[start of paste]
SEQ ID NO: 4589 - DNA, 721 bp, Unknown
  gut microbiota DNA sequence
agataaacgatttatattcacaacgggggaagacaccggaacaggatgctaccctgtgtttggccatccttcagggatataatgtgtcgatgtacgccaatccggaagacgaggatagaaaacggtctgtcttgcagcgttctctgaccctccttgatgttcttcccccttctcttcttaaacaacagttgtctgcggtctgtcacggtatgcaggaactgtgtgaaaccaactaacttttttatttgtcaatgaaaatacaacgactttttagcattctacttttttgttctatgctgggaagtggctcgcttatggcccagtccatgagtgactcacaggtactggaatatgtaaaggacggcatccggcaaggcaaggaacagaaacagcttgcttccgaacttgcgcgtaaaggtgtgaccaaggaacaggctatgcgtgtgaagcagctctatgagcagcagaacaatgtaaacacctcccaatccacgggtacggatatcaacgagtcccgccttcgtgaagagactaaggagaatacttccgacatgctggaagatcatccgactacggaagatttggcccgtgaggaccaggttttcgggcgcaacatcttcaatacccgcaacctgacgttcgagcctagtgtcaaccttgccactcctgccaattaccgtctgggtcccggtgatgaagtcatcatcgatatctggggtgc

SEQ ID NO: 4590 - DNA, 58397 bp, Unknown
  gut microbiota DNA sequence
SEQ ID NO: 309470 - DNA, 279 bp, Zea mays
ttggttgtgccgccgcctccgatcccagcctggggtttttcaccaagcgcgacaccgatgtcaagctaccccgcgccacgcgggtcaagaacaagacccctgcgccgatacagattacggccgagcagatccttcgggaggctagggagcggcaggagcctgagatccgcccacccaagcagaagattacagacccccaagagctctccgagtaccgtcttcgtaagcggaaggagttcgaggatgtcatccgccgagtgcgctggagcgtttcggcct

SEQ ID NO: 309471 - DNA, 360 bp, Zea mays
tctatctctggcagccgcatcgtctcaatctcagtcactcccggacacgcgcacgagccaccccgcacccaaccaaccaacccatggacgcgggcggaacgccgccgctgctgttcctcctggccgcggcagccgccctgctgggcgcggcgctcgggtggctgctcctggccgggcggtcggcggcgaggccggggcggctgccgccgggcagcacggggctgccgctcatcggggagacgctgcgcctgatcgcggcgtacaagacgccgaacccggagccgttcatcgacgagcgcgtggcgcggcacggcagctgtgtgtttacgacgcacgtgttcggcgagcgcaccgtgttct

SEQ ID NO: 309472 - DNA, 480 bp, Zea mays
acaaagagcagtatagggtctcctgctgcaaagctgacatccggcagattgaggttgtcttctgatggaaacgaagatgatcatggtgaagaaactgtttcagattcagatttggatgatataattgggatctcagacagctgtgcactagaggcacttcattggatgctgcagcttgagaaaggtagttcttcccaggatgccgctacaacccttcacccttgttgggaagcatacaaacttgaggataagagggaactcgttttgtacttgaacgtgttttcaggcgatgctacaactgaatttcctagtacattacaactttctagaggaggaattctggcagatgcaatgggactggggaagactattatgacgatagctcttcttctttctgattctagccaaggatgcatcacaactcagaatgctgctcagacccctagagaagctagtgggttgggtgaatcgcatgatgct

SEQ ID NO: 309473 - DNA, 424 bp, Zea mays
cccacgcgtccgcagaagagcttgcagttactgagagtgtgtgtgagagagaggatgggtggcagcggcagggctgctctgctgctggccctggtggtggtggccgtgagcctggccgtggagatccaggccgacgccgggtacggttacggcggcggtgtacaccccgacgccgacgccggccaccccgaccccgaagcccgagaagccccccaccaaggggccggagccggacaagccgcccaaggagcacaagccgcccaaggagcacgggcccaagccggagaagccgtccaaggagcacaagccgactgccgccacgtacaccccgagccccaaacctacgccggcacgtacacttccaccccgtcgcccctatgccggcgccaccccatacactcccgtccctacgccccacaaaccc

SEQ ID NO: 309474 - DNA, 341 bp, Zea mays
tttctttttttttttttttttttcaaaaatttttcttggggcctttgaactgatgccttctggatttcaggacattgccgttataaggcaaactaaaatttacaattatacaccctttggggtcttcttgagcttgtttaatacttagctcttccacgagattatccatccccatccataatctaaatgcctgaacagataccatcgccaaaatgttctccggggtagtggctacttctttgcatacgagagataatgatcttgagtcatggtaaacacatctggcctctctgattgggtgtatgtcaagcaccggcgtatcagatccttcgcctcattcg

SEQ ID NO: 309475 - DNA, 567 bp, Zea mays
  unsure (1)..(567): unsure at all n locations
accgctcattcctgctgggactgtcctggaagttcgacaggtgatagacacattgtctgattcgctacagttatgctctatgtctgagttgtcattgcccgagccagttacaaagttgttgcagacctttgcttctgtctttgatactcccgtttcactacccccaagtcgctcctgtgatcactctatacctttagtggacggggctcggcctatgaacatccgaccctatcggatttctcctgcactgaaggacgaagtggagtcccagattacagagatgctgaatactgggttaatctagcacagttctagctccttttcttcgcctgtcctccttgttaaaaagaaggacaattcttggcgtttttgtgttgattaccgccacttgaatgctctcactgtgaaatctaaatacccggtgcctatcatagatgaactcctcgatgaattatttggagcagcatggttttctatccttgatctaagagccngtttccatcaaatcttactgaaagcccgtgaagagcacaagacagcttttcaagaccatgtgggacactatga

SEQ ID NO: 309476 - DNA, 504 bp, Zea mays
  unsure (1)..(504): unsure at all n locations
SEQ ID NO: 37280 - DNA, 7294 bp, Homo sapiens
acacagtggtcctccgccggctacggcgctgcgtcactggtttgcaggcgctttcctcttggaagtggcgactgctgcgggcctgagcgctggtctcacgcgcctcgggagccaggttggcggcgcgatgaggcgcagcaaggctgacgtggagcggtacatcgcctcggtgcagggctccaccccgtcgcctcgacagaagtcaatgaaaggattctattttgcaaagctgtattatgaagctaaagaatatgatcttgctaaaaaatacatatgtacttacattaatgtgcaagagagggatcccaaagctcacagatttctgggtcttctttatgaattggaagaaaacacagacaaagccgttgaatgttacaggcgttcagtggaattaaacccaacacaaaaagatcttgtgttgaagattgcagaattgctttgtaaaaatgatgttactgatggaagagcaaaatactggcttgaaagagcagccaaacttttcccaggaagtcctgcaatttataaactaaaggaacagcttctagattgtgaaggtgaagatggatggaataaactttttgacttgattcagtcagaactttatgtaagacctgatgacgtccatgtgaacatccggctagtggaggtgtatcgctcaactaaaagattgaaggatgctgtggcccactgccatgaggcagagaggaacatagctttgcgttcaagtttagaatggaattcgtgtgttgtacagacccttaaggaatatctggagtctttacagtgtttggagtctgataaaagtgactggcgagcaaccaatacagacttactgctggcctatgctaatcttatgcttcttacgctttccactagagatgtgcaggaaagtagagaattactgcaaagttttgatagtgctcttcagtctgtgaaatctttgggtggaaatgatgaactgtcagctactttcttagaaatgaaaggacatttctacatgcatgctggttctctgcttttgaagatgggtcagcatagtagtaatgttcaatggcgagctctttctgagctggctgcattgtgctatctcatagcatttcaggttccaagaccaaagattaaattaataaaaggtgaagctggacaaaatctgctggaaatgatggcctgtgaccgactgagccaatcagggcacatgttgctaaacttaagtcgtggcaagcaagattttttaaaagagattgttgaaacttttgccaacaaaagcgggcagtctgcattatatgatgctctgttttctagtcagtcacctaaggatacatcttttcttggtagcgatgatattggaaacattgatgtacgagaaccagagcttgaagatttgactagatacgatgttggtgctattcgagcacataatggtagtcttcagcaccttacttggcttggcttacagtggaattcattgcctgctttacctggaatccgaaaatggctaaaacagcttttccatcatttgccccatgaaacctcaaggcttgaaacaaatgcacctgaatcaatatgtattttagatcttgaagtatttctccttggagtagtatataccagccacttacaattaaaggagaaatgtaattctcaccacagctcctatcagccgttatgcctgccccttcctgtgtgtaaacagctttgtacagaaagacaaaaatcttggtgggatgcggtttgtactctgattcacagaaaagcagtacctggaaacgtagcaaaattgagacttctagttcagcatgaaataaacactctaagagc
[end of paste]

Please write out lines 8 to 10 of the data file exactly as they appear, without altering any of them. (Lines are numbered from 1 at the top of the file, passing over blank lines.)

SEQ ID NO: 309471 - DNA, 360 bp, Zea mays
tctatctctggcagccgcatcgtctcaatctcagtcactcccggacacgcgcacgagccaccccgcacccaaccaaccaacccatggacgcgggcggaacgccgccgctgctgttcctcctggccgcggcagccgccctgctgggcgcggcgctcgggtggctgctcctggccgggcggtcggcggcgaggccggggcggctgccgccgggcagcacggggctgccgctcatcggggagacgctgcgcctgatcgcggcgtacaagacgccgaacccggagccgttcatcgacgagcgcgtggcgcggcacggcagctgtgtgtttacgacgcacgtgttcggcgagcgcaccgtgttct

SEQ ID NO: 309472 - DNA, 480 bp, Zea mays